Being everyday / in the Canadian wilderness: Reading postpastoral poetry by Don Domanski and Tom Wayman
All Our Wonder Unavenged by Don Domanski. London: Brick Books, 2007 p/b $17.95.
high speed through shoaling water by Tom Wayman. Madeira Park: Harbour Publishing, 2007 p/b $17.95.
Don Domanski in All Our Wonder Unavenged revitalizes the magic of everyday things and perceptions as if to make us reconsider the world we think we ought to know. Nostalgic for a more formal free verse style, Domanski’s collection avoids unnecessary complications in form and content but continues to explore the kinds of questions that have been plaguing poets and philosophers for centuries—namely, creative process and translations of language and experience. The poet-speaker, bordering on Canadian gothic, reveals this frustration as a consequence of attempting to attend both to beauty and to the geopolitics of sustaining membership in a biotic community. In “An Old Animal Habit,” for example, the poet-speaker confesses: “I walk along like blood seeking its wound / an old animal habit attentiveness to movement / backwash of my body trailing narratives behind me / stories like cut fingers on someone else’s hand” (27).
Domanski’s own “old habit” proprioceptively takes an image or idea into the “open field,” and throws it across water, recording how it skips circular patterns that extend well beyond the stone or the initial toss. Teller of tall tales or rather, tall metaphors, this poet builds image atop image bringing us to places of stillness and the unspoken or the grandiose explosive, within a seemingly organic process. Indoor plumbing, for example, as something Canadians take for granted, becomes something to fear in “Drowning Water” since it has warped primordial wisdoms concerning this sustainer of all living organisms. The poet-speaker explains:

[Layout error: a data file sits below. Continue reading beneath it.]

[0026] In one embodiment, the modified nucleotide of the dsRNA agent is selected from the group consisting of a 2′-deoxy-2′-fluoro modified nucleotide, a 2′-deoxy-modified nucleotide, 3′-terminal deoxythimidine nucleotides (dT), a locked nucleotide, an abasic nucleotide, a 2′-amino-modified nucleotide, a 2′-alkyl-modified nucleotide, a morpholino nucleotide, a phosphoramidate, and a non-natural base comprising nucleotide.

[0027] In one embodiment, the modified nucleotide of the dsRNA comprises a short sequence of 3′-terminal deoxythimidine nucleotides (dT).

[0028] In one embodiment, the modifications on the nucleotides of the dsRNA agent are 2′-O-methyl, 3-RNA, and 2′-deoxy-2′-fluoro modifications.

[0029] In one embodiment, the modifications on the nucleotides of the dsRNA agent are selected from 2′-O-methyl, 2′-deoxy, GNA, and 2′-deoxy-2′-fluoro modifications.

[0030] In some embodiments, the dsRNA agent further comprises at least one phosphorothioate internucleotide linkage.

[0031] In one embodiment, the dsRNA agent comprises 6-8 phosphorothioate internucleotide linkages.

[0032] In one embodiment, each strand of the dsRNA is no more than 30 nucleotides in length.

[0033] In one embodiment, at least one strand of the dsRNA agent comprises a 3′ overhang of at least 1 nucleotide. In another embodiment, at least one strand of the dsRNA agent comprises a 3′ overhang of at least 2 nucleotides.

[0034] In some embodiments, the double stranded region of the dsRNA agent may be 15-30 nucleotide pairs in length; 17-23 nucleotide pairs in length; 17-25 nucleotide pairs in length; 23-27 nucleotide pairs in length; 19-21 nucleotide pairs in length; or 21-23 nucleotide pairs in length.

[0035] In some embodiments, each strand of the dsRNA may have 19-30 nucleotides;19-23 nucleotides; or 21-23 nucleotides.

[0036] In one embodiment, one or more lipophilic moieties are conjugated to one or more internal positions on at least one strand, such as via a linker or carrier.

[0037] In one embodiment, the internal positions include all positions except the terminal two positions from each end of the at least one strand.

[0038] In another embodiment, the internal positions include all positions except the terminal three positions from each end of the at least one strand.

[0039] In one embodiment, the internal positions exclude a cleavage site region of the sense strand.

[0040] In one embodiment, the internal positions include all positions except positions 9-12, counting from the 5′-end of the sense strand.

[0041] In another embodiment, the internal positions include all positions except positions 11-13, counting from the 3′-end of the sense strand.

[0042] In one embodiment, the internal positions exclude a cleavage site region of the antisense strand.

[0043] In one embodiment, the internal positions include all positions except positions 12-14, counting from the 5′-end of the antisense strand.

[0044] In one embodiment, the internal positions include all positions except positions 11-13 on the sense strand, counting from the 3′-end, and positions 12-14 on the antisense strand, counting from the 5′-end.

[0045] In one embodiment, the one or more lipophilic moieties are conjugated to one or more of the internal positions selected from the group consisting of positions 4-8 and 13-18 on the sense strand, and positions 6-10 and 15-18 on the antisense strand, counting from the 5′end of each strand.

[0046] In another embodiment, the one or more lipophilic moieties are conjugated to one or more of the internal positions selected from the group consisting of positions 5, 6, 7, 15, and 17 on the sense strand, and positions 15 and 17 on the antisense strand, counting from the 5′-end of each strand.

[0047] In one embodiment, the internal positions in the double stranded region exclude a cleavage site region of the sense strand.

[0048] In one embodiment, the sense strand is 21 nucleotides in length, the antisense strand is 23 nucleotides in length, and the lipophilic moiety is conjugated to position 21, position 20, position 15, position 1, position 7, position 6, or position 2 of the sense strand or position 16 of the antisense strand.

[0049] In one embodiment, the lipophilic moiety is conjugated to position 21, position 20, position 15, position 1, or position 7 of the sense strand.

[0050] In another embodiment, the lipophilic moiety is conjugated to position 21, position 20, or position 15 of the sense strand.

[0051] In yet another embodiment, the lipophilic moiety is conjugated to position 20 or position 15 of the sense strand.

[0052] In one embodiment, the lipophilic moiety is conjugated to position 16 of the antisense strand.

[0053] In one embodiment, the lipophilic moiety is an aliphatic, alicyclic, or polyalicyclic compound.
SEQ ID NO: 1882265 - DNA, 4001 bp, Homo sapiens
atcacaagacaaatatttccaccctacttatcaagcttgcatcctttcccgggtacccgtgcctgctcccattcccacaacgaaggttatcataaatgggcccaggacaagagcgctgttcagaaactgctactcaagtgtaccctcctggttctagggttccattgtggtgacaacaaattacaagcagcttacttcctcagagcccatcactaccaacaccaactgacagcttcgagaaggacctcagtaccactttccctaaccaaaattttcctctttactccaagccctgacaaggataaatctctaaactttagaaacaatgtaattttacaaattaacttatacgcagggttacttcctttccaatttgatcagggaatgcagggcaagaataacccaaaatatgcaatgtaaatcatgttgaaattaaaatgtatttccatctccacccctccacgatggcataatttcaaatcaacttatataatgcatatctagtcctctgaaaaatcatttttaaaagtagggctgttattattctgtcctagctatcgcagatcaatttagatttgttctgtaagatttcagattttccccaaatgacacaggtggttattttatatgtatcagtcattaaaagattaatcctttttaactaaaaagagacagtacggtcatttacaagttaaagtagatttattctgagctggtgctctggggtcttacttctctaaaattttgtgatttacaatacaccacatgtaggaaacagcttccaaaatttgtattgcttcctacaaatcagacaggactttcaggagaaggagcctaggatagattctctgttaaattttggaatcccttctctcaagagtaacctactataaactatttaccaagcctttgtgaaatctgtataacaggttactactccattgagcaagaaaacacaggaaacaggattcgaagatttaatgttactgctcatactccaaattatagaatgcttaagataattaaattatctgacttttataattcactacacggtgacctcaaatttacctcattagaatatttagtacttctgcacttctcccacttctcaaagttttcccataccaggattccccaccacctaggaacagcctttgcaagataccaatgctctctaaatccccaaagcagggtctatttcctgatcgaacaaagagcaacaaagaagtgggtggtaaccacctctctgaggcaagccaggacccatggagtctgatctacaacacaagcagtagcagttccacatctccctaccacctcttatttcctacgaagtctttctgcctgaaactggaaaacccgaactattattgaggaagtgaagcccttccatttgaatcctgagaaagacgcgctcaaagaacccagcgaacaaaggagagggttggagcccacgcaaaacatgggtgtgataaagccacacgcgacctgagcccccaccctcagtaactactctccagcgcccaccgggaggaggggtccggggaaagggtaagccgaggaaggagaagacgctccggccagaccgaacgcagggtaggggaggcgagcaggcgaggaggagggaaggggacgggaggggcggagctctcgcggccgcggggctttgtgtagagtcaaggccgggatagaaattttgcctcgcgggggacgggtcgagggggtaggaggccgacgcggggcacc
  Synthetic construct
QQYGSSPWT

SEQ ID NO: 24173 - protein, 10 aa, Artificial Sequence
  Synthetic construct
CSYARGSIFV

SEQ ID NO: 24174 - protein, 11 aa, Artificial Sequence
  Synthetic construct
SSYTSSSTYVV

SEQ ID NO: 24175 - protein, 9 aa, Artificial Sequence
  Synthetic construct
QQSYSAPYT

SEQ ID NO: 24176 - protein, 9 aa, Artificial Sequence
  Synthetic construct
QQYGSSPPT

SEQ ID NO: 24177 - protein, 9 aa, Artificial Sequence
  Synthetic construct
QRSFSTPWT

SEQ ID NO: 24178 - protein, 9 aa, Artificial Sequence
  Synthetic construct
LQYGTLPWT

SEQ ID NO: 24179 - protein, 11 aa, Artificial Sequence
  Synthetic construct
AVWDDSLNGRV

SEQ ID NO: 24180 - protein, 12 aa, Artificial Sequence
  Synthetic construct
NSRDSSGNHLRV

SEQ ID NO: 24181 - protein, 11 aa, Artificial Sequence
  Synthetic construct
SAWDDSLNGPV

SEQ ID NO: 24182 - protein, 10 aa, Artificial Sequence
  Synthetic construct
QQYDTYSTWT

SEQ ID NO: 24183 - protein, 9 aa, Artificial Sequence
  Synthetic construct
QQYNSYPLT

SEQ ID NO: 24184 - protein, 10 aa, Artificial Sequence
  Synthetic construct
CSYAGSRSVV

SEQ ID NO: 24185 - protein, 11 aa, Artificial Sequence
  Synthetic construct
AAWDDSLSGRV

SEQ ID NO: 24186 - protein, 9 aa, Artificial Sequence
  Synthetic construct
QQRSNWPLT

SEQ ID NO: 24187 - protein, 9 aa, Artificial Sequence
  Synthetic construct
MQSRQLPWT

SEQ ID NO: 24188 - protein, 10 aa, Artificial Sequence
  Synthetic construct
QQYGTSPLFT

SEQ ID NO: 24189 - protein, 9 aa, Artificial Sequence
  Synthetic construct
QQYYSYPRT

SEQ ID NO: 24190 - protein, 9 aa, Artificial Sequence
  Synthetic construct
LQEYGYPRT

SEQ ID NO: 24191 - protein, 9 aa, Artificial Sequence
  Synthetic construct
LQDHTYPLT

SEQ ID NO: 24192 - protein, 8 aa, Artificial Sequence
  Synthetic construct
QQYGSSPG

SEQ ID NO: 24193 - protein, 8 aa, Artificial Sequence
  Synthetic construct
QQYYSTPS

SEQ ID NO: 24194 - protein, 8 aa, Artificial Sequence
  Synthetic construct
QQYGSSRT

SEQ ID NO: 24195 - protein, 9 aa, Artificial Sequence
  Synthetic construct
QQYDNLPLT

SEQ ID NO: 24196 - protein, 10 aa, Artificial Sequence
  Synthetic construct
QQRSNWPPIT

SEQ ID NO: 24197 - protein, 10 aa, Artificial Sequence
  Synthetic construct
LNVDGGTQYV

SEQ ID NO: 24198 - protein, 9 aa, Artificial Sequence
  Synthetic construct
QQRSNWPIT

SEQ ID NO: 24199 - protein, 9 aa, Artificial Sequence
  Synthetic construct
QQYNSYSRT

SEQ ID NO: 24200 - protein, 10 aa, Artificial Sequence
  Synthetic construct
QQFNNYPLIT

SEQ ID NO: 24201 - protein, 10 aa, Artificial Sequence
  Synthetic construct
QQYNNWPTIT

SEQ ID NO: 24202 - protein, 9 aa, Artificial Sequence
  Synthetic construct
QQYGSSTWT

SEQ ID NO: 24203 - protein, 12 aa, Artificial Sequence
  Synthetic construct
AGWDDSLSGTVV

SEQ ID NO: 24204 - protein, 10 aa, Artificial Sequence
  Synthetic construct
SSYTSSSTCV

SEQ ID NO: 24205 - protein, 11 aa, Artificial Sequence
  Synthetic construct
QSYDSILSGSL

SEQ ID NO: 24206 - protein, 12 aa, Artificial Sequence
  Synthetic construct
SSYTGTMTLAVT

[…] you take the water indoors it enters a room trembling
it enters a house afraid even though it’s been there before
even though it’s been in the belly of a whale in a teapot
in the eyes of Seneca in a shot glass in a glacier
even though it’s passed through sewers and aquariums
been under Phoenician ships and in the stems of roses
in the wings of locusts rising from a decision in the dark […] (31)
Nonetheless, what causes this reader to fall in love with this collection is what makes him/her sometimes lose patience with it. An overuse of certain structures of thought and poetic devices—particularly the simile—can wear a reader down, yet not enough, however, to dry-dock the collection. The reader, after all, feels no loss for wear after such a voyage through Domanski’s exquisite poetic waves than when s/he began—with jagged edges.
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Also ecological, Tom Wayman’s collection—high speed through shoaling water—… Wayman’s form and content summon an ecological Hemingway whose eye of desire on that which needs saying but can’t be said lives, as Don Domanski suggests of his own creative process, in “the voice we hear above the page” (96).
ALANNA F. BONDAR teaches English at Algoma University College in Ontario.
THE GOOSE – http://www.alecc.ca/thegoose.html – Spring 2008 – issue 4.1